Tybalt sat down, the dog glanced at Hal, one of the animal's eyes gave him a wink.

Peter turned to Hal. "Greetings Hal, I trust all is well in the Center?" Hal stood up and shook Peter's hand.

"Hello 'Leonardo'. Eight Bells and all's well. What brought you out of the workshop? I hear the Tactile Dome exhibit is finished."

"Almost, Hal, almost! Despite obstacles thrown up by that pinheaded Director and construction delays; the good citizens of Seattle will have a true interactive exhibit. The San Francisco Exploratorium inspired me to create a Tactile Dome here. Visitors should experience the joys of exploring an exhibit. Public museums constantly chant the Mantra 'DO NOT TOUCH'. That is why I enjoy making an exhibit for the public to touch! There should be more places like the Exploratorium and the Seattle Pacific Science Center. People should interact with the physical world! We as civilized humans, have forgotten the importance of touch, hearing and smell. We are discouraged from using anything else but our dim eyesight. Animals are fully immersed in their senses and what better way to introduce the exhibit by having an animal sculpture grace the entrance."

Peter gave a dramatic bow. "A grand opening for a speech. What do you think Hal?"

"Flare and drama, Peter. Is the Tactile Dome open for exploring? It's a tradition around here for the night staff to try out a new exhibit."

Uncharacteristically, Peter frostily said, "Absolutely Not!"

Peter hesitated. "Bad choice of words, Hal. What I meant to say is the exhibit is not yet ready for you or the rest of the staff. The entranceway's physical condition should I put a state of flux. The methods I use allow me to rapidly form structures from models. Now that I am finished, the entrance must be thoroughly transdimensionally delinked from the model. I will be finished delinking the entryway by 11:00 pm. Until then, I ask you to let no one, no one into the exhibit until after 11:00 pm. Comprehend me, Hal, you can try out the exhibit after the eleventh hour, but not before then."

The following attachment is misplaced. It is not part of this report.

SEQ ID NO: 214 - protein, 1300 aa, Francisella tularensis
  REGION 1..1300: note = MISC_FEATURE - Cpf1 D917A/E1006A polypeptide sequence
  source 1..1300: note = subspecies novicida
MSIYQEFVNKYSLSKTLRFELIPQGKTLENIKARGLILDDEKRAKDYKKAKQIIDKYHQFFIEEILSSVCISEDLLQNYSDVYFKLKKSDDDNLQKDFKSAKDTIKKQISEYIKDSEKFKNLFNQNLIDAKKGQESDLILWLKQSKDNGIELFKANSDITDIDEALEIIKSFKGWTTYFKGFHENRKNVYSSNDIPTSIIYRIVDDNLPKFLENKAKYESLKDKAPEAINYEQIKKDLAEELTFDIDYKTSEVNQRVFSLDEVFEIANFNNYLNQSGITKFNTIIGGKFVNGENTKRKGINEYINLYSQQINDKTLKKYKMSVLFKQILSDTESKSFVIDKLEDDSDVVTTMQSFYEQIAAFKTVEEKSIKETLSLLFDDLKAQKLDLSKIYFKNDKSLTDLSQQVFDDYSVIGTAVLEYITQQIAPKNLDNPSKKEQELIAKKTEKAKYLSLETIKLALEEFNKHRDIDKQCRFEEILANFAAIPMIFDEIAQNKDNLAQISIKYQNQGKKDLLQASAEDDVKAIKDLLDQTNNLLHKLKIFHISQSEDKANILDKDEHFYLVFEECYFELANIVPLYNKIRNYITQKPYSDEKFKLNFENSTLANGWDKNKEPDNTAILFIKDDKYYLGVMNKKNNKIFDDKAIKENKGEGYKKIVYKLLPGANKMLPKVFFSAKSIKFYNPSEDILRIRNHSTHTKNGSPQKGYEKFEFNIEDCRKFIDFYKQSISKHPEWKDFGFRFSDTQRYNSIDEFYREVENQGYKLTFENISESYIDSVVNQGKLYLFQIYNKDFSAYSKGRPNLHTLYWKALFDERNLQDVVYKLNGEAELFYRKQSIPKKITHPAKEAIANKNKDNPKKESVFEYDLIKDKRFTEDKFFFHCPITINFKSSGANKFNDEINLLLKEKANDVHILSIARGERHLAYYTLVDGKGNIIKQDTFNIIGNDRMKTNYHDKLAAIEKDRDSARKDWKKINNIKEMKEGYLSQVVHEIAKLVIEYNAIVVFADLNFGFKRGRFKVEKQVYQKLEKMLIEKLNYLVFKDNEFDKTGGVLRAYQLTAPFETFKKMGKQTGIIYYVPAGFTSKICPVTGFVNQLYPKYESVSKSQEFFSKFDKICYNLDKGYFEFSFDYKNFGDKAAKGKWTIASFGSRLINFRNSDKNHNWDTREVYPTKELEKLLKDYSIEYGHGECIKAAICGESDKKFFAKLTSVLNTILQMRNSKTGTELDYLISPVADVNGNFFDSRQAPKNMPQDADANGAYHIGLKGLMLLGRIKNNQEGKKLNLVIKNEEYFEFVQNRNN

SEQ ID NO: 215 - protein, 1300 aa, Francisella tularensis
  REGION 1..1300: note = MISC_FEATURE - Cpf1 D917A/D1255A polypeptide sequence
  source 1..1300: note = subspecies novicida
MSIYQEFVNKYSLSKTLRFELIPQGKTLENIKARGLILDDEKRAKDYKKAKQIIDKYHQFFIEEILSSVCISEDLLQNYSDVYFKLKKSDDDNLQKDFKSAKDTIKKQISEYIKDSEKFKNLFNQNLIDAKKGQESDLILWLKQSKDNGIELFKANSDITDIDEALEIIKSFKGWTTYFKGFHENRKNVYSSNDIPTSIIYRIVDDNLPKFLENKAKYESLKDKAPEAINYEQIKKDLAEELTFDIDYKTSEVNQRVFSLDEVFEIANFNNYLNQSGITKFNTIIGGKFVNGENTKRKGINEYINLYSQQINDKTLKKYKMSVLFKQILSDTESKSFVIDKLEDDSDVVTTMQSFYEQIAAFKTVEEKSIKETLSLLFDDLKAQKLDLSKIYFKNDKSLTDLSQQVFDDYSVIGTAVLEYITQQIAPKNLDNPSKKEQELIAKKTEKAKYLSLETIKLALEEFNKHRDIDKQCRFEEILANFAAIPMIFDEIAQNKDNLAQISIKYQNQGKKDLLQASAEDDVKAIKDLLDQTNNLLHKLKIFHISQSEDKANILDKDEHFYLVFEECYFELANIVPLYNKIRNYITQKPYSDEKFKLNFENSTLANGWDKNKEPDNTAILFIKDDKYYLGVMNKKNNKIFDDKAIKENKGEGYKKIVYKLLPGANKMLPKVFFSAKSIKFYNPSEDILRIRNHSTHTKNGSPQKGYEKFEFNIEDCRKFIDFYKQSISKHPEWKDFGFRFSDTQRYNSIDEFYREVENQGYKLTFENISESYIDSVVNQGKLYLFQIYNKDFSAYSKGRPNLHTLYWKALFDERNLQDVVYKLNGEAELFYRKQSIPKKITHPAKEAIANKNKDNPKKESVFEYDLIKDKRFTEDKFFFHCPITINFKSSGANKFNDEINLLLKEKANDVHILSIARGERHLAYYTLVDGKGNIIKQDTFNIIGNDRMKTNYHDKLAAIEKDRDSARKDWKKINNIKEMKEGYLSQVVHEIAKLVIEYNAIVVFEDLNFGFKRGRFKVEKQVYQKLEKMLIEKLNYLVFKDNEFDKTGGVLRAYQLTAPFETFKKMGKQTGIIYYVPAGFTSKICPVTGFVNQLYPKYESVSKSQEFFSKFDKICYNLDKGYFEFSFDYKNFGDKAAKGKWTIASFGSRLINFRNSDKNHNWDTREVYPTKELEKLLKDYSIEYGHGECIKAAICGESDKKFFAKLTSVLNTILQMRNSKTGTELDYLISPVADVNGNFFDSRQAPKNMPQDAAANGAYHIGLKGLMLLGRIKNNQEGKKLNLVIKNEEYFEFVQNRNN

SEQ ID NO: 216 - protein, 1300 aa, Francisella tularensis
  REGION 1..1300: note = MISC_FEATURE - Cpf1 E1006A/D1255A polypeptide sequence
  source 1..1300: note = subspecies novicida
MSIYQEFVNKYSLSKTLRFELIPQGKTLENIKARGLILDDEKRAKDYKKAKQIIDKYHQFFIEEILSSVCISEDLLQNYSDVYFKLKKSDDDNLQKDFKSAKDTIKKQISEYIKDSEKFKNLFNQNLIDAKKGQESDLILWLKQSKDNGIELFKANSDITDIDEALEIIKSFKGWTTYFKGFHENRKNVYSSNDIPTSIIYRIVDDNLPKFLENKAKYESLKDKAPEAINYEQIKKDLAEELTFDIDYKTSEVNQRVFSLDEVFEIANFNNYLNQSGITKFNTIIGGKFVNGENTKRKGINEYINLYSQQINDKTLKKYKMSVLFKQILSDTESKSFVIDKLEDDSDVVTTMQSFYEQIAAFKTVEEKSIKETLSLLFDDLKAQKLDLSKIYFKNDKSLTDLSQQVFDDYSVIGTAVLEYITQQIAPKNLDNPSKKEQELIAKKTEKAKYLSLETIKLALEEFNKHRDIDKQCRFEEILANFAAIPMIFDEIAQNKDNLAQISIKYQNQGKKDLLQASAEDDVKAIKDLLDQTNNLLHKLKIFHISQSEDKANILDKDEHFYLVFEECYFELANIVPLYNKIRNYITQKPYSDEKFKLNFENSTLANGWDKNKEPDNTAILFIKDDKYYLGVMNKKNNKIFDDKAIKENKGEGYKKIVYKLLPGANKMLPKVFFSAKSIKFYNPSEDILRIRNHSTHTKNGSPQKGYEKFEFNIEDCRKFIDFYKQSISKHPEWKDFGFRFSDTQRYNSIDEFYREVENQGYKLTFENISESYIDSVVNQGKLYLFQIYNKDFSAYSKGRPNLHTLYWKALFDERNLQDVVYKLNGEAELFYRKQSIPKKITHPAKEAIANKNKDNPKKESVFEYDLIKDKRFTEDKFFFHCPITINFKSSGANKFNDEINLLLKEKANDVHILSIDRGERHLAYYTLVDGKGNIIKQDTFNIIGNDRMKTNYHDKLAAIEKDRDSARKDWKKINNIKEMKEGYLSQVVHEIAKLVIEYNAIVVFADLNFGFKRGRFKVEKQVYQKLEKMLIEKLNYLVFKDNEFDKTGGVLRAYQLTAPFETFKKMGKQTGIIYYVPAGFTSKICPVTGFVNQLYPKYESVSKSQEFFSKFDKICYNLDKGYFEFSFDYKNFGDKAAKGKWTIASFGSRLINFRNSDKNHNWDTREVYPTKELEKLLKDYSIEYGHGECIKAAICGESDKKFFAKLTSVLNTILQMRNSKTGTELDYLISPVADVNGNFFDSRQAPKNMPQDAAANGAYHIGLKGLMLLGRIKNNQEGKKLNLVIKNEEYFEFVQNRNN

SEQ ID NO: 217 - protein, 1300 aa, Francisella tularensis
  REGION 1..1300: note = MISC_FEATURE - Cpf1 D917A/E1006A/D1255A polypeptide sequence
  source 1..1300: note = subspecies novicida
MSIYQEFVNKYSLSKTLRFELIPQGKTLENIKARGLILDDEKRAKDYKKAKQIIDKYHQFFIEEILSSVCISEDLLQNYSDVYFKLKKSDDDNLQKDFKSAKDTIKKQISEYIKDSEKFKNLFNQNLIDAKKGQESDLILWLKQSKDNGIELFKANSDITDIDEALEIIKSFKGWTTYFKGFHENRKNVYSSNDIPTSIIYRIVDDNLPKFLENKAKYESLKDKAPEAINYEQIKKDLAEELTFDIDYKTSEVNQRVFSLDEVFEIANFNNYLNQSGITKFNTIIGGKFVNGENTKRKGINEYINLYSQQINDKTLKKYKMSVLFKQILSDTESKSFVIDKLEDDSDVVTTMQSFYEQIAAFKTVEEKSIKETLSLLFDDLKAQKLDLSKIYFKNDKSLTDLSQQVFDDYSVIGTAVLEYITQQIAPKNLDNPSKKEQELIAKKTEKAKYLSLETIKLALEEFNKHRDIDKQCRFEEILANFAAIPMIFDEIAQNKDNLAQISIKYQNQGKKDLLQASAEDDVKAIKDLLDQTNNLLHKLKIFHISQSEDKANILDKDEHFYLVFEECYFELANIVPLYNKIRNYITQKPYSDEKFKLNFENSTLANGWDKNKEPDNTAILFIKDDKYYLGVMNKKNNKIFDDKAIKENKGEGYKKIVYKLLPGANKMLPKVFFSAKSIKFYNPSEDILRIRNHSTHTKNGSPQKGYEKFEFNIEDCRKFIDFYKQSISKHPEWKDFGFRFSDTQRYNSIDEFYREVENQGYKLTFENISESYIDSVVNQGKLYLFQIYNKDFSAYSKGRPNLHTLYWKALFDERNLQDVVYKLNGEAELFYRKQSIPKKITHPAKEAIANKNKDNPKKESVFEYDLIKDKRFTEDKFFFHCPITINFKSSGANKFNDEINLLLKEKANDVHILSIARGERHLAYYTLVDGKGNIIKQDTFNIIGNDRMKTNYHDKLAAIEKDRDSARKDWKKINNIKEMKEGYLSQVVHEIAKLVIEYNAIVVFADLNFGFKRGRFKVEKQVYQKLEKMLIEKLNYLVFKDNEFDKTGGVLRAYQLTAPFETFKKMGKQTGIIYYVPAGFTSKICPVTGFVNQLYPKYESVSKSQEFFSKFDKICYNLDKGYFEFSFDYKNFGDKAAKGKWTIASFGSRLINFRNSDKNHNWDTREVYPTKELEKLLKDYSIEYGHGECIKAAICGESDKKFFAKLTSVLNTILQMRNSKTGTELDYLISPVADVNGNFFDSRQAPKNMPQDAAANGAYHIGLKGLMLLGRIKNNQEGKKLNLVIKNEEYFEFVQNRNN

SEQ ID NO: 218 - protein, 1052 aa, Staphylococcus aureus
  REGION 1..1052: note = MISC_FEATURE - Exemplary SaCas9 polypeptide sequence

"I understand Peter, I'll notify Bill." What a strange vocabulary. Transdimensional delinking? Hal remembered some artists had a reluctance to surrender their work to the public.

"Excellent! Now if you will excuse me, I must borrow Tybalt. Come along Tybalt, your modeling talents are needed!" Peter and the dog left the monitor room. A few minutes later Bill walked in.

"Hal, I did a Fire Check, all green."

Hal wrote notes in the incident log. "Was it the faulty sensor near the exit sign?", he said.

"You got it, Hal. The same contractor also bunged up the environmental controls in the Tactile Dome exhibit. If you notice on the display, that room is 10 degrees colder than the thermal setpoint."

"Speaking of the Tactile Dome, Peter Jarmanger informed me the exhibit is off limits to everyone until after 11:00 pm."

"All the rotten luck, Hal, I almost forgot to tell you. The Director and the head of Security are going to hold a meeting here at 11:15. With those killjoys around, we're not going to be allowed to try out the new exhibit tonight."

The Director had issued memos decreeing staff shall not waste time trying out new exhibits, those caught would be severely reprimanded, even dismissed. By his pin-headed wisdom, the exhibits existed for people only. Yea, like taking a few minutes to fiddle with the tornado display is stealing from the Science Center payroll. Damn, thought Hal, he wanted to be first! To hell with them, risk it. Hal noted the time, 9:35 p.m.

"Bill, I'm going on 'walk about'. I'll check the Tactile Dome environmental controls on my way back."

Bill gave him a knowing look. "I'll tell the Director you're in service hallway C, tell me about it when you come back."

"Thanks Bill, I owe you one." Hal left for hallway B, towards the exhibit.

At a service box, Hal switched on the Tactile Dome lights. He unlocked the maintenance doors leading to the exhibit's exit and entryway rooms. He carefully pulled off his shoes, socks, pants and dress shirt. He laid his radio and keys on folded pile. Clad in boxer shorts and T-shirt; He did not want to leave shoe and scuff marks in the exhibit. He pulled open the door and stepped inside.